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MSR Simmerlite vs. Coleman Xtreme
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Ryan Jordan
(ryan) - BPL Staff - MLife

Locale: Greater Yellowstone
MSR Simmerlite vs. Coleman Xtreme on 02/08/2005 21:06:18 MST Print View

This forum thread was created to focus on the discussion of the comparison of these two stoves, as presented in the article (M) Liquid Fuel Stoves Head to Head: MSR SimmerLite vs. Coleman Xtreme by Roger Caffin.

Edited by ryan on 02/08/2005 21:06:38 MST.

Douglas Frick
(Otter) - MLife

Locale: Wyoming
Coleman Powermax fuel on 02/09/2005 00:25:01 MST Print View

Thank you for an excellent article.

Can a standard butane/propane gas canister be screwed onto and power the Xtreme stove if Coleman Powermax fuel canisters are not available? If so and if you have done so, did you notice any obvious change in performance?

Roger Caffin
(rcaffin) - BPL Staff - MLife

Locale: Wollemi & Kosciusko NPs, Europe
Cartridge Fittings on 02/09/2005 02:12:26 MST Print View

"Can a standard butane/propane gas canister be screwed onto and power the Xtreme stove if Coleman Powermax fuel canisters are not available?"
In short, no.
There are three main fittings for resealable gas cartridges: the screw thread invented by Epigas of UK, the Twist/click invented by Campingaz of France, and the Coleman Powermax twist/click. They do look very similar, but none of them are interchangeable.
There will be slight differences in performance, but these differences will be due to differences in the design of the burners and the different mixes of gases in the cartridges. The fitting itself has no significance.

Bill Valentine
(valentine) - F
Coleman Xtreme fuel availability on 02/09/2005 10:30:14 MST Print View

I have had my Xtreme for four years and find it the easiest to light and best simmering stove I have ever had (and I have had many). The only drawbacks to these stoves that I see is the availability of Powermax canisters in smaller towns and the prohibition against shipping these canisters. When planning my 30 day hike of the PCT last year, I wound up having to carry three canisters for the whole trip since I was unable to ship them in my resupplys and wasn't sure of availability in the resupply towns.
Otherwise, I can't recommend this stove highly enough.
Bill Valentine

Inaki Diaz de Etura
(inaki) - MLife

Locale: Iberia highlands
Xtreme weight, Cartridge fitting and fuel blends on 02/10/2005 13:54:23 MST Print View

I wonder about the reason behind the heavy weight of this Coleman stove
compared to a traditional canister stove. I know the legs are a main
factor and I can think of a few others (having never seen one in person)
but I guess there must be something more as the difference is huge. I
ask because I find this somewhat defeats one of the advantages of the
canister stove over the white gas one and I guess there must be a good
reason... but it might as well be that the Coleman stove is over
engineered to make it look more "solid" given its competition in
performance and capabilities are heavy white gas stoves (and not the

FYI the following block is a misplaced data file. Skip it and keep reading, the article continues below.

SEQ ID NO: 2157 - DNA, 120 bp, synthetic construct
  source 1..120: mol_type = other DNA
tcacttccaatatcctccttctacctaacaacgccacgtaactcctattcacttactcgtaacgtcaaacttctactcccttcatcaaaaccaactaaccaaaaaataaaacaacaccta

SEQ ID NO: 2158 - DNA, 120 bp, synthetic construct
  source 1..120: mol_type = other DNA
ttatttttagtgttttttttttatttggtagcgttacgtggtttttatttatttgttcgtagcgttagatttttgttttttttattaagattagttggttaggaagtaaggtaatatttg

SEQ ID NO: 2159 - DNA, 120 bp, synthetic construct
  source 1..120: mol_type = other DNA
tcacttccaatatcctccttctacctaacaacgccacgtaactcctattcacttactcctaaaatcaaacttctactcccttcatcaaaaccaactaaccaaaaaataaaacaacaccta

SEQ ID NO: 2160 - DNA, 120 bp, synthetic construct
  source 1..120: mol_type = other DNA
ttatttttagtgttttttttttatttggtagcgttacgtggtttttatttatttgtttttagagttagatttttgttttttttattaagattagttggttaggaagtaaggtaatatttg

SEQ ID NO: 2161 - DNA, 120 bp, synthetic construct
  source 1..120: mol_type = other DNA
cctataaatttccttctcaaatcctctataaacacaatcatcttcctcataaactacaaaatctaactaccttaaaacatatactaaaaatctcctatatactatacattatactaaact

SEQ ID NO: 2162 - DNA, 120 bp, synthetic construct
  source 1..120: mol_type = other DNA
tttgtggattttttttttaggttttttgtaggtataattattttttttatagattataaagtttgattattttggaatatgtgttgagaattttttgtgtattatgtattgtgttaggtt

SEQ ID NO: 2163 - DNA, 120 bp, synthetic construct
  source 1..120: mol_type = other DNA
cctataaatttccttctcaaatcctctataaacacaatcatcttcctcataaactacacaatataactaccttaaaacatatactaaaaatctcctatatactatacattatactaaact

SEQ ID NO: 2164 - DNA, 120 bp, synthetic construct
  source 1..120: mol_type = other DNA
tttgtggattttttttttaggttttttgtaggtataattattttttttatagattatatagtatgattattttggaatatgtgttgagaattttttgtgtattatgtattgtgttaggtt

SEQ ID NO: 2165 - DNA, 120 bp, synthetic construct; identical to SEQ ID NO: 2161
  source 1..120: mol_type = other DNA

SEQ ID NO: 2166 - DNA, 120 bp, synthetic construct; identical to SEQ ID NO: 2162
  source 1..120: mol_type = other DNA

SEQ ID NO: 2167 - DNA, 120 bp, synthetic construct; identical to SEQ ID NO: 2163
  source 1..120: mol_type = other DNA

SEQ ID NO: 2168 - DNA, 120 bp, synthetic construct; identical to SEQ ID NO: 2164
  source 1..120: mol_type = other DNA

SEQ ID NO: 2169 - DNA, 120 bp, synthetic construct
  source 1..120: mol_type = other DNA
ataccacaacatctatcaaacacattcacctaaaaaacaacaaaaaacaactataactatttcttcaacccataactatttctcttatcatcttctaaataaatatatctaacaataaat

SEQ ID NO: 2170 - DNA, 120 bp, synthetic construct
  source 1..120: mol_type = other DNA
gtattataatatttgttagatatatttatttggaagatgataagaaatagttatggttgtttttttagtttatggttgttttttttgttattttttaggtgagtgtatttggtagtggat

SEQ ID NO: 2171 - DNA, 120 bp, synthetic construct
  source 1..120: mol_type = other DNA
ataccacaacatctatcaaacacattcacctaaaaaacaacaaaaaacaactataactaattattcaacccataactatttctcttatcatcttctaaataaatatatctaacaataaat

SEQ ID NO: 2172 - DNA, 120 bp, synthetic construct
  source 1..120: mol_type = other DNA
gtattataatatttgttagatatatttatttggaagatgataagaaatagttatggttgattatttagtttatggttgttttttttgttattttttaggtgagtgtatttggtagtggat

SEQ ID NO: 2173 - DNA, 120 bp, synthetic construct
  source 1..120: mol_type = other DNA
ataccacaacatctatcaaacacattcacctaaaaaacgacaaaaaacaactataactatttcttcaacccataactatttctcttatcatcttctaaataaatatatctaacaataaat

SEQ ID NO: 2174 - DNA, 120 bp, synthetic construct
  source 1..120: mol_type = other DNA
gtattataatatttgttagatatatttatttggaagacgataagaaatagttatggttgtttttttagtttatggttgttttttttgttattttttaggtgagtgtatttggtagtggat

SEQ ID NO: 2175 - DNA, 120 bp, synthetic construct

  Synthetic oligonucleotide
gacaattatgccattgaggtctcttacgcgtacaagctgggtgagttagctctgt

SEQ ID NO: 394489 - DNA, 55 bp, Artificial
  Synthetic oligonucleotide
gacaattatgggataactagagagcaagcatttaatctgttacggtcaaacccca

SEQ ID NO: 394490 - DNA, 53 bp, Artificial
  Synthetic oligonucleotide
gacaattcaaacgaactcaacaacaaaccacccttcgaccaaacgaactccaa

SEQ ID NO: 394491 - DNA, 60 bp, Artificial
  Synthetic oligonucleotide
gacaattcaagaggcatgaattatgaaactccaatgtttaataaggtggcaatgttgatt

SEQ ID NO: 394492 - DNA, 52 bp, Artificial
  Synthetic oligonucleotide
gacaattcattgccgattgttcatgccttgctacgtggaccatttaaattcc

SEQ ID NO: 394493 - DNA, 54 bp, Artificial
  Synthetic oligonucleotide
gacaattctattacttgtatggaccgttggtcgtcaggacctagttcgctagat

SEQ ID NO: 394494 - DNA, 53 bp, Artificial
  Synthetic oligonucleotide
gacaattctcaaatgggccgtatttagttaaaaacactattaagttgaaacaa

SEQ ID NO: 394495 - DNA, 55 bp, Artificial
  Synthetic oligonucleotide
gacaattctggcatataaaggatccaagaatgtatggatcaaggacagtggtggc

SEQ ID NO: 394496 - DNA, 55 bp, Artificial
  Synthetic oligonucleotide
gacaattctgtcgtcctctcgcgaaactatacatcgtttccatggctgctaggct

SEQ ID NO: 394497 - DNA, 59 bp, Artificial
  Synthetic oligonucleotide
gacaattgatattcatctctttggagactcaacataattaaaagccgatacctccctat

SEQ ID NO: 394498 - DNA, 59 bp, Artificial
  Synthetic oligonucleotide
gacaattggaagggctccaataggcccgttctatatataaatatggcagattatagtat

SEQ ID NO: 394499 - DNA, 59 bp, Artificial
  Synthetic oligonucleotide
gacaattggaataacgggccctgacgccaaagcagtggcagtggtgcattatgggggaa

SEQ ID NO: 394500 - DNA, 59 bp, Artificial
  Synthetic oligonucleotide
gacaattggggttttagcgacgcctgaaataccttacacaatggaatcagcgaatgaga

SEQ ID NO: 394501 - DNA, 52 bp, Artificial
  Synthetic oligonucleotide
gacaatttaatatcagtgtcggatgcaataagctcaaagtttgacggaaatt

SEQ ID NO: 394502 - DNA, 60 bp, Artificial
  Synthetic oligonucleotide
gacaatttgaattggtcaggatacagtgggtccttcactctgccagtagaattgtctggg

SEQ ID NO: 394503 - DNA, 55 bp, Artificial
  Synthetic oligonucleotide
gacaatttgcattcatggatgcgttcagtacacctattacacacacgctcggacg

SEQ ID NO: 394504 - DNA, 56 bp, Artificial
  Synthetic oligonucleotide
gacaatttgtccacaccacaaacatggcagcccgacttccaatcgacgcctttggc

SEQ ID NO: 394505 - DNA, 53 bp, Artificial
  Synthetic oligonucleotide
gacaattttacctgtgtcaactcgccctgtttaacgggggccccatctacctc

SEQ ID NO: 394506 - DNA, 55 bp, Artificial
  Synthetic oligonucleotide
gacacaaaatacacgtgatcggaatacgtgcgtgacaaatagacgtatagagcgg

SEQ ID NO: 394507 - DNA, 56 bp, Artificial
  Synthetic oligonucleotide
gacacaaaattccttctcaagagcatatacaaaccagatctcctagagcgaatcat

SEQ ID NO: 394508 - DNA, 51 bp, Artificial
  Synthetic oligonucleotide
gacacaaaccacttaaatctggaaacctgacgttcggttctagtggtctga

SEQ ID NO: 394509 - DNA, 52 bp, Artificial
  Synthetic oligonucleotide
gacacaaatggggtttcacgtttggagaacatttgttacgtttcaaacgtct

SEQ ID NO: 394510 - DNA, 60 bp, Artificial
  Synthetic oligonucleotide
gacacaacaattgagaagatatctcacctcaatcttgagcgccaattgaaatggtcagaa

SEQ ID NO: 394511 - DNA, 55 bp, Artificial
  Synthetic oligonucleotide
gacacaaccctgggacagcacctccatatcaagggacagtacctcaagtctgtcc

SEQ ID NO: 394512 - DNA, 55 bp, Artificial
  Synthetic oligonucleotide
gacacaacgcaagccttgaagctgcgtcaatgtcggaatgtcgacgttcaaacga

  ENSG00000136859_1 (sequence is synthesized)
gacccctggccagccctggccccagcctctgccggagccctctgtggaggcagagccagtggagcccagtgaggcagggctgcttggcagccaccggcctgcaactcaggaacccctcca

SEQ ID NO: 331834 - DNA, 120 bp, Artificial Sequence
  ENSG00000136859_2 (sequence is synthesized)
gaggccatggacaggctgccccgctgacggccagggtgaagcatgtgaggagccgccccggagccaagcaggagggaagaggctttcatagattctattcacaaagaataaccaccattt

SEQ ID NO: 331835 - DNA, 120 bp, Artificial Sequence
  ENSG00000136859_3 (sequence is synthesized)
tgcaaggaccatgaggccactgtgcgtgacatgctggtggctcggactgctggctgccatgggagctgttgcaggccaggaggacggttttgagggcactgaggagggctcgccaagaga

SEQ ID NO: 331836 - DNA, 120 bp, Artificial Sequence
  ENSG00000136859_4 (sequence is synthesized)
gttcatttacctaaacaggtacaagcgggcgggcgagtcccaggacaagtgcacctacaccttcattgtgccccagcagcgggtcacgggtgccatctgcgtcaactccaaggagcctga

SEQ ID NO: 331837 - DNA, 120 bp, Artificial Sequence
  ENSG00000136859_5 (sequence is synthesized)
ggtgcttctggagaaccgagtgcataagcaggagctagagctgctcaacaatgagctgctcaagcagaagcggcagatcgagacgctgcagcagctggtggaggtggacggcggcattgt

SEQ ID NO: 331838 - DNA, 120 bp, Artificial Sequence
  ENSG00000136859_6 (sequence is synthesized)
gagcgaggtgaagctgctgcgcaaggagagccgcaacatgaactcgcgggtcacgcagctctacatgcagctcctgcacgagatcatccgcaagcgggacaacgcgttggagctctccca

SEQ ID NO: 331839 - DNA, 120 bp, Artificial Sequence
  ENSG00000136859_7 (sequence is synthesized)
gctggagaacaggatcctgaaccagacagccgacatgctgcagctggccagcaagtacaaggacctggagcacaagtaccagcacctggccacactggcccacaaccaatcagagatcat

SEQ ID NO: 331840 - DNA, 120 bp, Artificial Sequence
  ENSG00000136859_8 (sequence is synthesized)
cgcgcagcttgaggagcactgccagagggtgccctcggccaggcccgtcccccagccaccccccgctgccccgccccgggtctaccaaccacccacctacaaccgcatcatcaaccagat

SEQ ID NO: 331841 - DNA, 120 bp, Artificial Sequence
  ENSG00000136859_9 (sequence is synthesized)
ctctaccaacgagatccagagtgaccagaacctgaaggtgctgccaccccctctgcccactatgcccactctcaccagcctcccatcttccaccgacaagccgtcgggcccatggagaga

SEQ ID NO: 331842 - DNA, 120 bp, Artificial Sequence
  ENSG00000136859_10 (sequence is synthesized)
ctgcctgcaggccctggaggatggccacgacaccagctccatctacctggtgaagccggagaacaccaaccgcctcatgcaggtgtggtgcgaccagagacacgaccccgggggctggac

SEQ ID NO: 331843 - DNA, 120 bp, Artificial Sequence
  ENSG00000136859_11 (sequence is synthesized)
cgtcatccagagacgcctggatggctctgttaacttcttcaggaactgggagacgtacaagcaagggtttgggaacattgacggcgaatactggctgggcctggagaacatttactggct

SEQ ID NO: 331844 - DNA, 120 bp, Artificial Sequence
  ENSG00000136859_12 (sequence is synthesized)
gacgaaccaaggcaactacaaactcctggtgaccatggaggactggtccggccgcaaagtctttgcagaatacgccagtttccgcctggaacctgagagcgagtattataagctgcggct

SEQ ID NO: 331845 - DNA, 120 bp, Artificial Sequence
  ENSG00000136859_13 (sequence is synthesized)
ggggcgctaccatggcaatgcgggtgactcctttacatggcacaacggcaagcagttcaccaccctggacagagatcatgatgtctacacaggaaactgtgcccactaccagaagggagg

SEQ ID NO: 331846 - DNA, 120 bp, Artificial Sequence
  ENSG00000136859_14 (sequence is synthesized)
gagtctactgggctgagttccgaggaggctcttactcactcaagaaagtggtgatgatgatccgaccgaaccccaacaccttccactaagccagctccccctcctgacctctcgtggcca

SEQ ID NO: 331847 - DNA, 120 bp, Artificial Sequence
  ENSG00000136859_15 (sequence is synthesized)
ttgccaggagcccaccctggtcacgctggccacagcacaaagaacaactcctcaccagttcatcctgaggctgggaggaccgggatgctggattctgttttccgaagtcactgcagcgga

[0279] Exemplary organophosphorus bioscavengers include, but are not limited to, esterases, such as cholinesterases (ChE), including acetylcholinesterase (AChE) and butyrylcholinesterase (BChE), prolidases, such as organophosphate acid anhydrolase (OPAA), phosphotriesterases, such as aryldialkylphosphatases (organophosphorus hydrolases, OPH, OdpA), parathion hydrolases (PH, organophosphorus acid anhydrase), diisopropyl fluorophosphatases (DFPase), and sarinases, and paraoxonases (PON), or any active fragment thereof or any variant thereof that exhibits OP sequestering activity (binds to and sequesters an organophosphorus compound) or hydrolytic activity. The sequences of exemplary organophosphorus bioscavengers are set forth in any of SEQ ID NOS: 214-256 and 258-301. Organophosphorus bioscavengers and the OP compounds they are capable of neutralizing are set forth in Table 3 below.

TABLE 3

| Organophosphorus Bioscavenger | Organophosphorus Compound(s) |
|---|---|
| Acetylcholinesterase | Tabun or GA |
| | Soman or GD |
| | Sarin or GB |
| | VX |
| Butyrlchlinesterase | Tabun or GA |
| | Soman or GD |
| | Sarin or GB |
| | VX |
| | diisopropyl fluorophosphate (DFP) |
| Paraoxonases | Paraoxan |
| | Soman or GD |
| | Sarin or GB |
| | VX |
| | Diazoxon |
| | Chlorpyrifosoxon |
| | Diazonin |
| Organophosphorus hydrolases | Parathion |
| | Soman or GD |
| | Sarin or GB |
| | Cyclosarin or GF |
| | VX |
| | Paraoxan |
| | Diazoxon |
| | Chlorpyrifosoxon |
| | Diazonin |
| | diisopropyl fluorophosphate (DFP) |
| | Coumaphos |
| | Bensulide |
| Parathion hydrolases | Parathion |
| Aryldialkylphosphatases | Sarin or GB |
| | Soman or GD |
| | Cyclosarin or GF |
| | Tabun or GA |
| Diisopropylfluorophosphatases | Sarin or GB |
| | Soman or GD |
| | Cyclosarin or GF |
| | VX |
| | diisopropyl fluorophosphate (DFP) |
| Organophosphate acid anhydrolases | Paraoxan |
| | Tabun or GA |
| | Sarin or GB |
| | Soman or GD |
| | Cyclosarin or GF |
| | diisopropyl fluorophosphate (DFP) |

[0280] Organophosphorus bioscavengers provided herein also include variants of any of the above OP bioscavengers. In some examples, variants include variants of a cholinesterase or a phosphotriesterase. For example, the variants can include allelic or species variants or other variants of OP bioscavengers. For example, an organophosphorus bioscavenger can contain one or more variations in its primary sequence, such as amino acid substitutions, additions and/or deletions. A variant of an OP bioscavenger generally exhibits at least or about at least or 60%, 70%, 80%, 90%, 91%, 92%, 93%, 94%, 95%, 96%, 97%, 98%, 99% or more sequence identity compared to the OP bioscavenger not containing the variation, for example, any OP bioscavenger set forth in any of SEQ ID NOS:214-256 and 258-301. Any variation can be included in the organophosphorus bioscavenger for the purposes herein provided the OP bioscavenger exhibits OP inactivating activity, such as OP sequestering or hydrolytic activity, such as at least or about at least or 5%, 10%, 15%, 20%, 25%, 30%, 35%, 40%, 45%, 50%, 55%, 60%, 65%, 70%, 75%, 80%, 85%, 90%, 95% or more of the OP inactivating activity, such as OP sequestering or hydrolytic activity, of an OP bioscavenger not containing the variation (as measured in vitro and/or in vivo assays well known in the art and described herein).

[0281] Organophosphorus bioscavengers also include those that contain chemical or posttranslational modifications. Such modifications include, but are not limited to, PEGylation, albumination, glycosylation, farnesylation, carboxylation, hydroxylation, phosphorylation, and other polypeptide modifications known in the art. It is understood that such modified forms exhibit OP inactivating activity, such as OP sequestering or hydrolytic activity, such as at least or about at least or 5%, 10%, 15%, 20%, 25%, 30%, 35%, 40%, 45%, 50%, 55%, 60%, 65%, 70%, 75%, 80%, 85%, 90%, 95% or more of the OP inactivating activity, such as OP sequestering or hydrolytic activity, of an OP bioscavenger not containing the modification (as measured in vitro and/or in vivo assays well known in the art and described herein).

lightweight canister ones).

Apart from the valve connection to the canister being different, is
there any reason why a traditional canister stove couldn't use the
Xtreme canister? is the actual fuel any different? and, on the other
way around, any reason other than the valve connection why a Xtreme stove couldn't use a regular butane/propane canister? I think you're answering just this in your previous message but it's still not clear to me.

Finally, I find and odd strategy (unless there's technical reasons for it) the Coleman Xtreme stove valve connection is proprietary and different from any other given one of its main drawbacks seems to be fuel availability? Wouldn't
had it been more reasonable to make that connection through a regular
Lindal valve?

Rick Dreher
(halfturbo) - MLife

Locale: Northernish California
Great article on 02/10/2005 14:03:16 MST Print View

Very nice work and writeup, Roger. I love the slow-burn comparision--first time I've seen that ever!

I'd like to add a couple of points, since I also have both stoves:

* The Powermax cartridges feed liquid fuel to the burner. (Most cartridges deliver vaporised gas.) This is why the burner has a generator tube and why stove works well in any temperature and retains the same fuel mixture from start to finish (no fractionating occurs). The clanging one hears in the Max cartridges is the feed tube.

* In my experience, the quality of Simmerlight's simmer depends a lot on how much pump pressure I use. In general, less is better. I've used it with the old and new style pumps, and the new pump seems to aid simmering as well.

It seems to be harder to find the Max cartridges these days (I'm in California). I hope Coleman continues to support the system.

Bill Valentine
(valentine) - F
re: Coleman's commitment on 02/10/2005 14:20:57 MST Print View

Maybe our friends at BacpackingLight can find out from Coleman what it's commitment is to supplying the Xtreme fuel?

John S.
(jshann) - F
Terminology confusion on 02/15/2005 21:33:52 MST Print View

As a new person to these sorts of stoves, I find the terminology being used to describe them very confusing. The title calls the coleman extreme stove a liquid fuel stove, and Roger says he uses it for his winter trips. At the end of the article Roger says he prefers the gas stove...well both of them are gas stoves. In another thread Roger says he has given up on liquid fuel stoves. The article says he prefers this liquid fuel stove. And I thought I even saw it called a canister stove. What is the dealio?

Ryan Jordan
(ryan) - BPL Staff - MLife

Locale: Greater Yellowstone
Stove Terminology on 02/15/2005 22:30:45 MST Print View

Great question -

Roger's Australian and there are terminology differences among nationalities. Gas to one is not gas to another!

Roger discusses terminology specifically in the article that appeared in the print mag:

Got Gas? Stove Theory and How They Work

Edited by ryan on 02/15/2005 22:31:13 MST.

Bill Valentine
(valentine) - F